Multiple FabricTransportServiceRemotingListeners

There are many reasons why you would want to have multiple Service Fabric remoting listeners. I wanted to have my primary services within the replica partitions doing all the work and writing its state. The state would then be replicated to the secondary services and I would then read the state from the secondaries. This would allow higher read though-put. The second reason was code separation, as I didn't want my StatefulService to become a massive facade that would just forward requests on to other classes to handle. Instead, I wanted to tell service fabric XyzService to handle these requests from the listener but have them hosted under the same Service Fabric service and then share the state for that service.

So, say we have a stateful service called MyStatefulService that implements the contracts of IQueryNames and IAppendName which we will be exposing over service remoting listeners, our class would look something like the following:

public sealed class MyStatefulService : StatefulService, IQueryNames, IAddName
{
    public MyStatefulService(StatefulServiceContext serviceContext, IReliableStateManagerReplica reliableStateManagerReplica)
        : base(serviceContext, reliableStateManagerReplica) { }

    public Task<string[]> GetNames()
    {
        //...
    }

    public Task AddName(string name)
    {
        //...
    }

    protected override IEnumerable<ServiceReplicaListener> CreateServiceReplicaListeners()
    {
        return new[]
        {
            new ServiceReplicaListener(this.CreateServiceRemotingListener)
        };
    }
}

Our service would override the CreateServiceReplicaListeners method and return one service remoting listener, which is created using the extension method of CreateServiceRemotingListener. So let's look at moving our 2 bits of functionality GetNames and AddNames in to their own classes.

Single responsibility

To keep this simple we will just create a class called QueryNamesHandler and AddNameHandler.

public class QueryNamesHandler : IQueryNames
{
    public Task<string[]> GetNames()
    {
        //...
    }
}

public class AddNameHandler : IAddName
{
    public Task AddName(string name)
    {
        //...
    }
}

Wiring up the listeners

We will then need to modify the overridden method CreateServiceInstanceListeners to explicitly create two FabricTransportServiceRemotingListener and pass in an instance of each of our handlers. When we use 2 or more listeners we will have to explicitly name each one. Service Fabric uses these names to keep track of the listeners so they need to be unique.

protected override IEnumerable<ServiceInstanceListener> CreateServiceInstanceListeners()
{
    return new []
    {
        new ServiceInstanceListener(context =>
            new FabricTransportServiceRemotingListener(context, new QueryNamesHandler()),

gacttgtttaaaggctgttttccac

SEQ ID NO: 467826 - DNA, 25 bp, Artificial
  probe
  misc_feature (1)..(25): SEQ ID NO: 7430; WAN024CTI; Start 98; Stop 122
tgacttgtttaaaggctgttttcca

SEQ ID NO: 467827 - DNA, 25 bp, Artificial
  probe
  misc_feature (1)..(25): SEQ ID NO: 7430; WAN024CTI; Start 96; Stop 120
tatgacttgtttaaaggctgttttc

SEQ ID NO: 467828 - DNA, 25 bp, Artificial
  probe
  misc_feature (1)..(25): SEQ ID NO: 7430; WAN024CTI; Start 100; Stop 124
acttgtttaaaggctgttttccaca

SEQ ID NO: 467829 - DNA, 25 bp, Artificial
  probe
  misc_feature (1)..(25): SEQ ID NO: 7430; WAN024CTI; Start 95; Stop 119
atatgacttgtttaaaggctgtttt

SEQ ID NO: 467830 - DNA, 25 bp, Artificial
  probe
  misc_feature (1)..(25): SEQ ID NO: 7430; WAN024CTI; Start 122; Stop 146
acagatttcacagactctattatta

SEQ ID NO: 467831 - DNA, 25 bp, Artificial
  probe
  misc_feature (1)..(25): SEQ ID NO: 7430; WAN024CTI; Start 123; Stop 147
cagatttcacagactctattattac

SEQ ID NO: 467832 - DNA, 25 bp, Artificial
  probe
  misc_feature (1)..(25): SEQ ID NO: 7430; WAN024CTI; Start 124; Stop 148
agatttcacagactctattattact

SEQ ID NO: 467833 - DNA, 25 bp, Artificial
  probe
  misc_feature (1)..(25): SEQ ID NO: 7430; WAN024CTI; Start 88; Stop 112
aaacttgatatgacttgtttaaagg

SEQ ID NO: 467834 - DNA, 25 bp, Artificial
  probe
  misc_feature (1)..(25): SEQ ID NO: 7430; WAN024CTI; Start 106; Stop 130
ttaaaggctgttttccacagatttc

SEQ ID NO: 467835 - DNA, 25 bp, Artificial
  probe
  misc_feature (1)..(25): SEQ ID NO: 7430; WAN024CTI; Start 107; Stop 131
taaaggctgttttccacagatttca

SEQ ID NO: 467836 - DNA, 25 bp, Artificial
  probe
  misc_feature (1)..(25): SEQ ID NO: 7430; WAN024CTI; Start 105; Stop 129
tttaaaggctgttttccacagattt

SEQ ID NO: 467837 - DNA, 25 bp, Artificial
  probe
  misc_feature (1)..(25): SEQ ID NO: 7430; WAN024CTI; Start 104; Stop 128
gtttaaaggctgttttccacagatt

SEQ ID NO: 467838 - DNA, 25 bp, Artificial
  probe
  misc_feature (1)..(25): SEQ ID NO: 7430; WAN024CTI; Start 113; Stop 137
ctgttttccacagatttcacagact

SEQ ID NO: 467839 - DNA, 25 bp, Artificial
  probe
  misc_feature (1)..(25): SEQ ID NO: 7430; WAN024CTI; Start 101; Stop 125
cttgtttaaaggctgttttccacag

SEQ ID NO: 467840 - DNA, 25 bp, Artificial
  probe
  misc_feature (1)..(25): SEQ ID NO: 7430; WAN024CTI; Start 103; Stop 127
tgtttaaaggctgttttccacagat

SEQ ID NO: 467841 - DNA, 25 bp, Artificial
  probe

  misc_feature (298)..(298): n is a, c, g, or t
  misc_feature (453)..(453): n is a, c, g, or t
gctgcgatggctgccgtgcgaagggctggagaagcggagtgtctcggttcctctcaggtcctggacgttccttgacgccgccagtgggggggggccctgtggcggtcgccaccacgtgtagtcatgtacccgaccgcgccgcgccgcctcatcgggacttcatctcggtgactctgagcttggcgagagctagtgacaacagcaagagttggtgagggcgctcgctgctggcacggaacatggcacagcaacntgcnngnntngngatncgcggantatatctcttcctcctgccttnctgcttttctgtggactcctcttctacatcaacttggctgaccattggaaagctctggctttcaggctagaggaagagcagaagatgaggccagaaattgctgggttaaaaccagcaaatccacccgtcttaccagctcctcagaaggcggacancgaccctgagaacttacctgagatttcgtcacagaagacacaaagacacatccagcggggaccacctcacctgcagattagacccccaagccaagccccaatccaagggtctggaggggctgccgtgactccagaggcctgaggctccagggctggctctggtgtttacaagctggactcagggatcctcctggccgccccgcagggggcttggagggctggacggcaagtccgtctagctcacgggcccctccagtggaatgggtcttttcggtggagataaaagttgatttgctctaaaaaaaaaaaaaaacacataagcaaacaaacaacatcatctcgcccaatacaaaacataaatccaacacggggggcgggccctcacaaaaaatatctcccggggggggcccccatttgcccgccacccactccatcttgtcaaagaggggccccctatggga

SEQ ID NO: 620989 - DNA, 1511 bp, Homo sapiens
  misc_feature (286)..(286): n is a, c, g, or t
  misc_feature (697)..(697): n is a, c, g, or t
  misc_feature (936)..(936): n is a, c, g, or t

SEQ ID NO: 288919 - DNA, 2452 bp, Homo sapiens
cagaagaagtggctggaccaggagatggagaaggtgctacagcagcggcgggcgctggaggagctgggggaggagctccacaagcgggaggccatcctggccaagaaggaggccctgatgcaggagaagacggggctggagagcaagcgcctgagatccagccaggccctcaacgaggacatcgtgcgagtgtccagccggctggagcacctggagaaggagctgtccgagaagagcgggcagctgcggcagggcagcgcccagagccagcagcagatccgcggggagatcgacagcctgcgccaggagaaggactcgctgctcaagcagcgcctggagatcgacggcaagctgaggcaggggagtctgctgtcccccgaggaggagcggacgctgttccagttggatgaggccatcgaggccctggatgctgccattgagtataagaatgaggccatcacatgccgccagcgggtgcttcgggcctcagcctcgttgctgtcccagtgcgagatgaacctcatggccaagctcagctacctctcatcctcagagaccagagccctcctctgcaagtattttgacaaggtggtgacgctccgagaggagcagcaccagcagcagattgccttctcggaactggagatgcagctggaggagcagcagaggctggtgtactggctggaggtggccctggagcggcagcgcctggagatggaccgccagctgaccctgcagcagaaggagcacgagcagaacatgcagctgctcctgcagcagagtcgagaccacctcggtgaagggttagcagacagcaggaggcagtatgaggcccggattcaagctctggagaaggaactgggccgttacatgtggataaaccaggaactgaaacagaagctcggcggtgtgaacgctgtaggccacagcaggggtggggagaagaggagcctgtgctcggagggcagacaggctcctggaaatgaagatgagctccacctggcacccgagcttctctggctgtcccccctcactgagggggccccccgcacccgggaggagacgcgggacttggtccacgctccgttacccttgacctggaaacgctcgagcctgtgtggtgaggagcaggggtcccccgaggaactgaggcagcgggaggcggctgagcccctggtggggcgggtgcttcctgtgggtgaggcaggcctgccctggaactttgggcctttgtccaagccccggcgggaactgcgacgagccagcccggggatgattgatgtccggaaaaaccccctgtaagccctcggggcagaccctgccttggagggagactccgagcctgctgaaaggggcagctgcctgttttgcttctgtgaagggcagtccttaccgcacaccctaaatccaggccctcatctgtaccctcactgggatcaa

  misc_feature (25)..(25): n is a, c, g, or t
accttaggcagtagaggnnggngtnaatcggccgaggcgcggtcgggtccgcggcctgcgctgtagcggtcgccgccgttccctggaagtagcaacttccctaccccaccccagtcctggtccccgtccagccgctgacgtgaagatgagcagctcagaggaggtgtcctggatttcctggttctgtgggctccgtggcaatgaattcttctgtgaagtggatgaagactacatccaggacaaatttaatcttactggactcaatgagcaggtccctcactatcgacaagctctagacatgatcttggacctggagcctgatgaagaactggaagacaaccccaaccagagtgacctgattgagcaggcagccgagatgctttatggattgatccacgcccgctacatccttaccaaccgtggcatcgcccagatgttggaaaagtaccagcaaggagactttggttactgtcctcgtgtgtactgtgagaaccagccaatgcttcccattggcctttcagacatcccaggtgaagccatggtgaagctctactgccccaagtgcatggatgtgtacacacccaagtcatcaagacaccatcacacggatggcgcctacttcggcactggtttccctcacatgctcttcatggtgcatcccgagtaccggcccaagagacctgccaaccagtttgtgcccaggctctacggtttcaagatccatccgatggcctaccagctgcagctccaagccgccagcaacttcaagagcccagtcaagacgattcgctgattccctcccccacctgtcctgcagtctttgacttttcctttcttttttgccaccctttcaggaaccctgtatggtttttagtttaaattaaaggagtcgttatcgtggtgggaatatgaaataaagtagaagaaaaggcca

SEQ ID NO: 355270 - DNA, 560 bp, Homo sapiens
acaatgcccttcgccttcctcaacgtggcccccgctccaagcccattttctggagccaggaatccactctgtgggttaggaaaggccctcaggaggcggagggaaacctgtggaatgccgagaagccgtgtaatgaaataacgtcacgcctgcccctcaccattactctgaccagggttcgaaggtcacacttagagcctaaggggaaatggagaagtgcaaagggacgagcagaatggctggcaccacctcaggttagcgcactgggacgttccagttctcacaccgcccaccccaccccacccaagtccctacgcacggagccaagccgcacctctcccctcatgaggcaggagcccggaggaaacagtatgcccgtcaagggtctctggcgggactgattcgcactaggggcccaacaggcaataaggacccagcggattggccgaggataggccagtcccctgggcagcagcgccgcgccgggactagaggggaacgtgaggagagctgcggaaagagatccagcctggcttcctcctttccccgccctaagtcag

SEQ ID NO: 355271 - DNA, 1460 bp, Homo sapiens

"QueryNamesHandlerListener"),
        new ServiceInstanceListener(context =>
            new FabricTransportServiceRemotingListener(context, new AddNameHandler()),
                "AddNameHandlerListener")
    };
}

The above needs to be modified a bit more so we can run 2 listeners. The above code works smoothly with some listeners but the FabricTransportServiceRemotingListener will not share the same Endpoint configuration with another listener, even if we are not declaring any special configuration. Due to this fact, we will need to pass in a FabricTransportListenerSettings to the listener to change the EndpointResourceName. For this example we will use the names of QueryNamesHandlerEndpoint and AddNameHandlerEndpoint

protected override IEnumerable<ServiceInstanceListener> CreateServiceInstanceListeners()
{
    return new []
    {
        new ServiceInstanceListener(context => new FabricTransportServiceRemotingListener(context, new QueryNamesHandler(),
            new FabricTransportListenerSettings()
            {
                EndpointResourceName = "QueryNamesHandlerEndpoint"
            }), "QueryNamesHandlerListener"),
        new ServiceInstanceListener(
            context => new FabricTransportServiceRemotingListener(context, new AddNameHandler(),
                new FabricTransportListenerSettings()
                {
                    EndpointResourceName = "AddNameHandlerEndpoint"
                }), "AddNameHandlerListener")
    };
}

Now we have changed the endpoint name we will have to change the ServiceManifest.xml to reflect these changes.

<?xml version="1.0" encoding="utf-8"?>
<ServiceManifest Name="MyStatelessServicePkg"
                 Version="1.0.0"
                 xmlns="http://schemas.microsoft.com/2011/01/fabric"
                 xmlns:xsd="http://www.w3.org/2001/XMLSchema"
                 xmlns:xsi="http://www.w3.org/2001/XMLSchema-instance">
  <ServiceTypes> <!-- ... --> </ServiceTypes>
  <CodePackage Name="Code" Version="1.0.0"> <!-- ... --> </CodePackage>
  <ConfigPackage Name="Config" Version="1.0.0" />

  <Resources>
    <Endpoints>
      <!-- These are required even if we're not specifying any overrides -->
      <Endpoint Name="AdderServiceEndpoint" />
      <Endpoint Name="MultiplierServiceEndpoint" />
    </Endpoints>
  </Resources>
</ServiceManifest>

Consuming

Consuming the endpoints is a little different compared to normal. We can still use the ServiceProxy but we will need to specify the listenerName when creating the proxy. Below is a simple example of how to consume our services.

var adder = ServiceProxy.Create<IAdder>(new Uri("fabric:/MultipleListeners/MyStatelessService"), new PartitionKey(0), listenerName: "AdderListener");
var result = await adder.Add(a, b).ConfigureAwait(false);

This now should give you a basic understanding of how we can use multiple service fabric listeners within one service.


Kevin Smith

Developer, technology enthusiast and @dotnetsheff organiser.